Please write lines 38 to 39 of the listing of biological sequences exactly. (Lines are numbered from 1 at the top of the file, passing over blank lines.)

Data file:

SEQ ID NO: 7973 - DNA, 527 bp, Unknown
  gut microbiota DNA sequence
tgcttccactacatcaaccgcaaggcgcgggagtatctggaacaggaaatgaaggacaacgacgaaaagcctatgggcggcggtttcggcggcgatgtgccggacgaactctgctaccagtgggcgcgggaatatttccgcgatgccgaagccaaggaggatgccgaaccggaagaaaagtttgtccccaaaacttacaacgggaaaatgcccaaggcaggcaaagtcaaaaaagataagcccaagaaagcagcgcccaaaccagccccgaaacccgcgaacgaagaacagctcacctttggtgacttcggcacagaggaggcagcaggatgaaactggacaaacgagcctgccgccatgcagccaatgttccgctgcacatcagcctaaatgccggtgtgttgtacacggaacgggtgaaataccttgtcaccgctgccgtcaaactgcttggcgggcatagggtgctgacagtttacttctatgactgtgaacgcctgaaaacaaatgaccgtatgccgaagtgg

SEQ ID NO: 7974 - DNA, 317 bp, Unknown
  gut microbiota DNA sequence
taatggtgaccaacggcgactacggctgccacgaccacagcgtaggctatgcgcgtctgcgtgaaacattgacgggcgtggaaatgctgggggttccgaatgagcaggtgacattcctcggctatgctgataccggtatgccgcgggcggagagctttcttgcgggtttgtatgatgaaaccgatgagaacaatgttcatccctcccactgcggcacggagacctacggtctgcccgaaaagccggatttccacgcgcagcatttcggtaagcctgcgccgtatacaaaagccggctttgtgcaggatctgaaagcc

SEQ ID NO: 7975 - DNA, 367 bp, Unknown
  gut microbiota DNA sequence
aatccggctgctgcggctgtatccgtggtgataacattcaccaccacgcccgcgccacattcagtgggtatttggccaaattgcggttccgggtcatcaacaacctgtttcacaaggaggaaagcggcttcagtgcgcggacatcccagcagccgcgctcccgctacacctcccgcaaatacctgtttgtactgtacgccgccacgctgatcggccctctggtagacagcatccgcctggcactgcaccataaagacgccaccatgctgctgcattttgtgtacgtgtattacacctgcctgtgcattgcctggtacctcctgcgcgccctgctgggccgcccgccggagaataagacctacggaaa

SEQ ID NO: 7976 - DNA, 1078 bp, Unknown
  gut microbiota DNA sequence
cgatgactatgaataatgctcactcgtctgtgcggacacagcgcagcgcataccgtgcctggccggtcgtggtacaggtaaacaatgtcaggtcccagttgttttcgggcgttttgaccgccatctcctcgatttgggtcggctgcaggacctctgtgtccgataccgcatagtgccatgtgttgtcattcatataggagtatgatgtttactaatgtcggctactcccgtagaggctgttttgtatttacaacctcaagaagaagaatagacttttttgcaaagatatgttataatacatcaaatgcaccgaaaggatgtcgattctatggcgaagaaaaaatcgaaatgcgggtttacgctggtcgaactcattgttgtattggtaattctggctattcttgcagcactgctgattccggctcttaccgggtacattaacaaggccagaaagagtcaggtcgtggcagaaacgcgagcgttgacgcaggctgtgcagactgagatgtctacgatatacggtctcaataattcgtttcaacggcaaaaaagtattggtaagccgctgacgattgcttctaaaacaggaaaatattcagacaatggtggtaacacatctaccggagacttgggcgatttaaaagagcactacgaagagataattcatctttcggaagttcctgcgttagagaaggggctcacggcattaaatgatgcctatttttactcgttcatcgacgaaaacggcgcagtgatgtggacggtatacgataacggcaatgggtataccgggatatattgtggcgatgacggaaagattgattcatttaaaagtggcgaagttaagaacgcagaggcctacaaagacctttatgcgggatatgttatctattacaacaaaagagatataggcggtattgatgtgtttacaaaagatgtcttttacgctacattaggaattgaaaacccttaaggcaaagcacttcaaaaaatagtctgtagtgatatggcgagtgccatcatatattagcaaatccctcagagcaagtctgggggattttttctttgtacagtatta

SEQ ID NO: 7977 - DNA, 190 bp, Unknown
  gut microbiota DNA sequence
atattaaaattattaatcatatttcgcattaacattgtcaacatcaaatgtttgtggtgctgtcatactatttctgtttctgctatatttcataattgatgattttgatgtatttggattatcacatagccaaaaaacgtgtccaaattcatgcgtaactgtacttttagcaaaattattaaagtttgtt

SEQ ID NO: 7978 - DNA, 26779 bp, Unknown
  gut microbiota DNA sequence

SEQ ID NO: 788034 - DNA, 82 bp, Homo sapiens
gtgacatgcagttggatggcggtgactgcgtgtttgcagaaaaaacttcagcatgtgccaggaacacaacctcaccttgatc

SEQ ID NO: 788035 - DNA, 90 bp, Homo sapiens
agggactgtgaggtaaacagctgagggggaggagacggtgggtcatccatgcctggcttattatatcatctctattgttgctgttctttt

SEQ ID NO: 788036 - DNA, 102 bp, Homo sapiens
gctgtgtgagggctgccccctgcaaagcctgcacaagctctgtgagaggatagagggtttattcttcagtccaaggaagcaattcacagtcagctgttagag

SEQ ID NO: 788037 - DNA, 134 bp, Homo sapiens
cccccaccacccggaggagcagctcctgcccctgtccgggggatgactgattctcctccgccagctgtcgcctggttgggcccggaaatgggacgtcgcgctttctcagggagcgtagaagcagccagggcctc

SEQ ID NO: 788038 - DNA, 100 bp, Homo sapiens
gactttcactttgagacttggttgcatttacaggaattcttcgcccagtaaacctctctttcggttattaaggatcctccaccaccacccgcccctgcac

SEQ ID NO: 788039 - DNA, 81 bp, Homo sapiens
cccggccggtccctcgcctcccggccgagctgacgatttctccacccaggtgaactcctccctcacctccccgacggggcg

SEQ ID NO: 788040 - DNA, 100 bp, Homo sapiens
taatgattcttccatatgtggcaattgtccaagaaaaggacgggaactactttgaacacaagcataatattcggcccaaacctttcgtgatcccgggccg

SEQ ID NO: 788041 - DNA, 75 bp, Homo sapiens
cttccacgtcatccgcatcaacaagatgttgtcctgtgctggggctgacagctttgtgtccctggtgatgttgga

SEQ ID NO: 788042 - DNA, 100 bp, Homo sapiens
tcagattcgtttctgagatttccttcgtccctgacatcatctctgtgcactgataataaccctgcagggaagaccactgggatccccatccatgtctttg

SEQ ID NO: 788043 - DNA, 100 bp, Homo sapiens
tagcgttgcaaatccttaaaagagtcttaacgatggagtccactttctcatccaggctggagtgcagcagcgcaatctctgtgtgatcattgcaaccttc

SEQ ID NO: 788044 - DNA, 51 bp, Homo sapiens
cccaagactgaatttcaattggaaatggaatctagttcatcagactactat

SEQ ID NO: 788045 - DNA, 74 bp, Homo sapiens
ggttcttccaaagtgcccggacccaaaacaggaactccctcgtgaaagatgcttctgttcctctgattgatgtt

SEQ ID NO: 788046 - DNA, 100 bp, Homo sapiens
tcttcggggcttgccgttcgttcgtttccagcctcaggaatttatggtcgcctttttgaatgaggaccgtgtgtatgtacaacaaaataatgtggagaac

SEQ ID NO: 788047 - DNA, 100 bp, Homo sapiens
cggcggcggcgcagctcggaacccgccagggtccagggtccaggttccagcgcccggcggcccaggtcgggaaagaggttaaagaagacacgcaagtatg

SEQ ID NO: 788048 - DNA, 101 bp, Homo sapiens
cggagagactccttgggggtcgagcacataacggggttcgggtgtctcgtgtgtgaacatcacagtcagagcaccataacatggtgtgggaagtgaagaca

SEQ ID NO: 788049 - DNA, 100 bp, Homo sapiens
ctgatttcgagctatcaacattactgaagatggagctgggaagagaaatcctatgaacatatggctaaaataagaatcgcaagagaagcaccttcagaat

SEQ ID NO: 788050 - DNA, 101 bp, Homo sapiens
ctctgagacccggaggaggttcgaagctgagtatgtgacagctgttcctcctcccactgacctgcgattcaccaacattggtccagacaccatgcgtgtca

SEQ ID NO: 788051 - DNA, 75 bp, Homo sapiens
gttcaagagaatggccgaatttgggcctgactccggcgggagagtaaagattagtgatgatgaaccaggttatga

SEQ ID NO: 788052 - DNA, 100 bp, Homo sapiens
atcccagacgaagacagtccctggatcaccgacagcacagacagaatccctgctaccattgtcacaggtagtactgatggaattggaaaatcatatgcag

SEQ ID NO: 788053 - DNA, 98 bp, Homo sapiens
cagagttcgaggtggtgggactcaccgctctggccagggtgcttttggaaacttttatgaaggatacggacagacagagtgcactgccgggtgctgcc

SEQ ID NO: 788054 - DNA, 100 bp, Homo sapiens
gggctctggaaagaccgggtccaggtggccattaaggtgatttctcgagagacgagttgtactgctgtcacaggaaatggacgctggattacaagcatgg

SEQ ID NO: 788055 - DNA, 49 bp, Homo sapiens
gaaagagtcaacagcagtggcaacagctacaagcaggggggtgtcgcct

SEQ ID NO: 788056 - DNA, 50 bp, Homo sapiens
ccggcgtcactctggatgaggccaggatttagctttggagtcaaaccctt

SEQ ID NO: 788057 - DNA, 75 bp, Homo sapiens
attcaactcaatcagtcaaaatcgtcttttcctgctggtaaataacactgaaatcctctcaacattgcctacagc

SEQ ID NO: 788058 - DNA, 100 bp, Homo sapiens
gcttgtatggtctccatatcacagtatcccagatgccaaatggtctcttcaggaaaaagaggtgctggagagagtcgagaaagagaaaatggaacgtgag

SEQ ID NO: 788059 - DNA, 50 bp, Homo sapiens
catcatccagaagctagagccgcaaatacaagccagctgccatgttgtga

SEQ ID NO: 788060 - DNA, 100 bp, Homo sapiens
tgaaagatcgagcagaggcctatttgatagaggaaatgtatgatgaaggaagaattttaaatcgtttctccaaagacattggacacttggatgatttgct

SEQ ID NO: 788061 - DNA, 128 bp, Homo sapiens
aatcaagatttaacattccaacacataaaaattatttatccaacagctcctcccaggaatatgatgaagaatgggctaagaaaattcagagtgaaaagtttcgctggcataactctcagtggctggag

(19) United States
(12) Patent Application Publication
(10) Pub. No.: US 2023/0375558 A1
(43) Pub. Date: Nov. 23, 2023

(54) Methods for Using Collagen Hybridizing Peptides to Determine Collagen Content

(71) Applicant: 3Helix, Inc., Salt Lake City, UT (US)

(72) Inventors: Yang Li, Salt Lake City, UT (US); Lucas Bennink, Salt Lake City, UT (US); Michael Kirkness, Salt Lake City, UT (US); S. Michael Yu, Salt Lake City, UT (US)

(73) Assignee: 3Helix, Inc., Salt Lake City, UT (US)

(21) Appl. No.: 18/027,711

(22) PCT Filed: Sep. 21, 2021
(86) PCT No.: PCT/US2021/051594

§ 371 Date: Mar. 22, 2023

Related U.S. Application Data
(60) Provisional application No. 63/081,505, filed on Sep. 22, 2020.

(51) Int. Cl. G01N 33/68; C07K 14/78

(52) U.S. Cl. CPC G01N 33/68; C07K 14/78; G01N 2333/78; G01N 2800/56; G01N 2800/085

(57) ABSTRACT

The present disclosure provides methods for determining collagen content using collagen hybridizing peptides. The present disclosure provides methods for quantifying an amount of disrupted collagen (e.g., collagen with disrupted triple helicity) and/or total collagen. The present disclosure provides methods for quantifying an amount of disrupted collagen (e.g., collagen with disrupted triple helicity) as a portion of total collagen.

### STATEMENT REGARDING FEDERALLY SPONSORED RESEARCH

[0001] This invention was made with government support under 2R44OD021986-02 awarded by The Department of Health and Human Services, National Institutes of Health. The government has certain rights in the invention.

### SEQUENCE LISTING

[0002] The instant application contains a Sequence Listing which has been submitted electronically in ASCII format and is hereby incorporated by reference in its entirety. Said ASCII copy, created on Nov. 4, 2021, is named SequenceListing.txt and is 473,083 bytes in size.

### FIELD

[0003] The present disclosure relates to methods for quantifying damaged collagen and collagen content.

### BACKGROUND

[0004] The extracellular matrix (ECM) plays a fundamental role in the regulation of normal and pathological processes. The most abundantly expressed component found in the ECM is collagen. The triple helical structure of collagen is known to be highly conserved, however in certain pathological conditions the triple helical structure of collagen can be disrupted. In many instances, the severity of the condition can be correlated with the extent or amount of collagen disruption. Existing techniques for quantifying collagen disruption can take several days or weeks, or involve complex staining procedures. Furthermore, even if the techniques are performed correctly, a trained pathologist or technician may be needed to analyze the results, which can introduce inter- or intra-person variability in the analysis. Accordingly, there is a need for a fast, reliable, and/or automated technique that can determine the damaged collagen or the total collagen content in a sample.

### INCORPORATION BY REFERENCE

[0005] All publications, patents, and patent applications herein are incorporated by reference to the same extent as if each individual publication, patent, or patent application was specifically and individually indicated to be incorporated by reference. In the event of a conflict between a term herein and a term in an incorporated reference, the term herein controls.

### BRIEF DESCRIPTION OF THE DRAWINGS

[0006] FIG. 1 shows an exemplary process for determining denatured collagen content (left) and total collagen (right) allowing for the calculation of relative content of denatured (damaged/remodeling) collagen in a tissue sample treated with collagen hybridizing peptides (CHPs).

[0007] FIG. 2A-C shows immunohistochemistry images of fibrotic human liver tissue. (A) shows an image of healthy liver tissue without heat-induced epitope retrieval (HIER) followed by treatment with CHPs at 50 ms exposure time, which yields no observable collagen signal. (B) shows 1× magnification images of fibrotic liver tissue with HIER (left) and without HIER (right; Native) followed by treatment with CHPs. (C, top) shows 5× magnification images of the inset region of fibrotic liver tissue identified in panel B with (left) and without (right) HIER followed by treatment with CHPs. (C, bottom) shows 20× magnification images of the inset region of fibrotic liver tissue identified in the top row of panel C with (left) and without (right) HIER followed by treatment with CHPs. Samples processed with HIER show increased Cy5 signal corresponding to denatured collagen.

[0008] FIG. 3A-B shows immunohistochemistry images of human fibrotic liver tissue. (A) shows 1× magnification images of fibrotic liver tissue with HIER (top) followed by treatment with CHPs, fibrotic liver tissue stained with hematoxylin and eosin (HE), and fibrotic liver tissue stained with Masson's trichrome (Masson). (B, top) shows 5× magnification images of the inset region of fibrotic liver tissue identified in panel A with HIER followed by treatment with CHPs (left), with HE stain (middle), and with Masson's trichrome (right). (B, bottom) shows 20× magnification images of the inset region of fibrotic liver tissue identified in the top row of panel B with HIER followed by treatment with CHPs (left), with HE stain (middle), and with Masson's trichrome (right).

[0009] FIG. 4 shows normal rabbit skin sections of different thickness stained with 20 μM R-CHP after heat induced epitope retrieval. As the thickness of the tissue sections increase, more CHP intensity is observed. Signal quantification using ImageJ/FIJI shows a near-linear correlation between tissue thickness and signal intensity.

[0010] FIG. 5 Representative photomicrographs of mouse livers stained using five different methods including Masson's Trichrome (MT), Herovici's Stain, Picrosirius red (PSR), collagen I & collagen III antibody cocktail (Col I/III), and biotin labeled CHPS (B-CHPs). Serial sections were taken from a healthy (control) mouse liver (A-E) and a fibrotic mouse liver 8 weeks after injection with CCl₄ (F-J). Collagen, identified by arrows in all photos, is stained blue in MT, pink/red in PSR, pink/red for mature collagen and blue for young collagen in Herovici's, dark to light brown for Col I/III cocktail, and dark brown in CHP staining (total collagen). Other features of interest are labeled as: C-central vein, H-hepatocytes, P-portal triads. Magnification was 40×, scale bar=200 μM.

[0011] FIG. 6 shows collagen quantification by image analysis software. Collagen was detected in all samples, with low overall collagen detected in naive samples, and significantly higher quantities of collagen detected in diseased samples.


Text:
SEQ ID NO: 788044 - DNA, 51 bp, Homo sapiens
cccaagactgaatttcaattggaaatggaatctagttcatcagactactat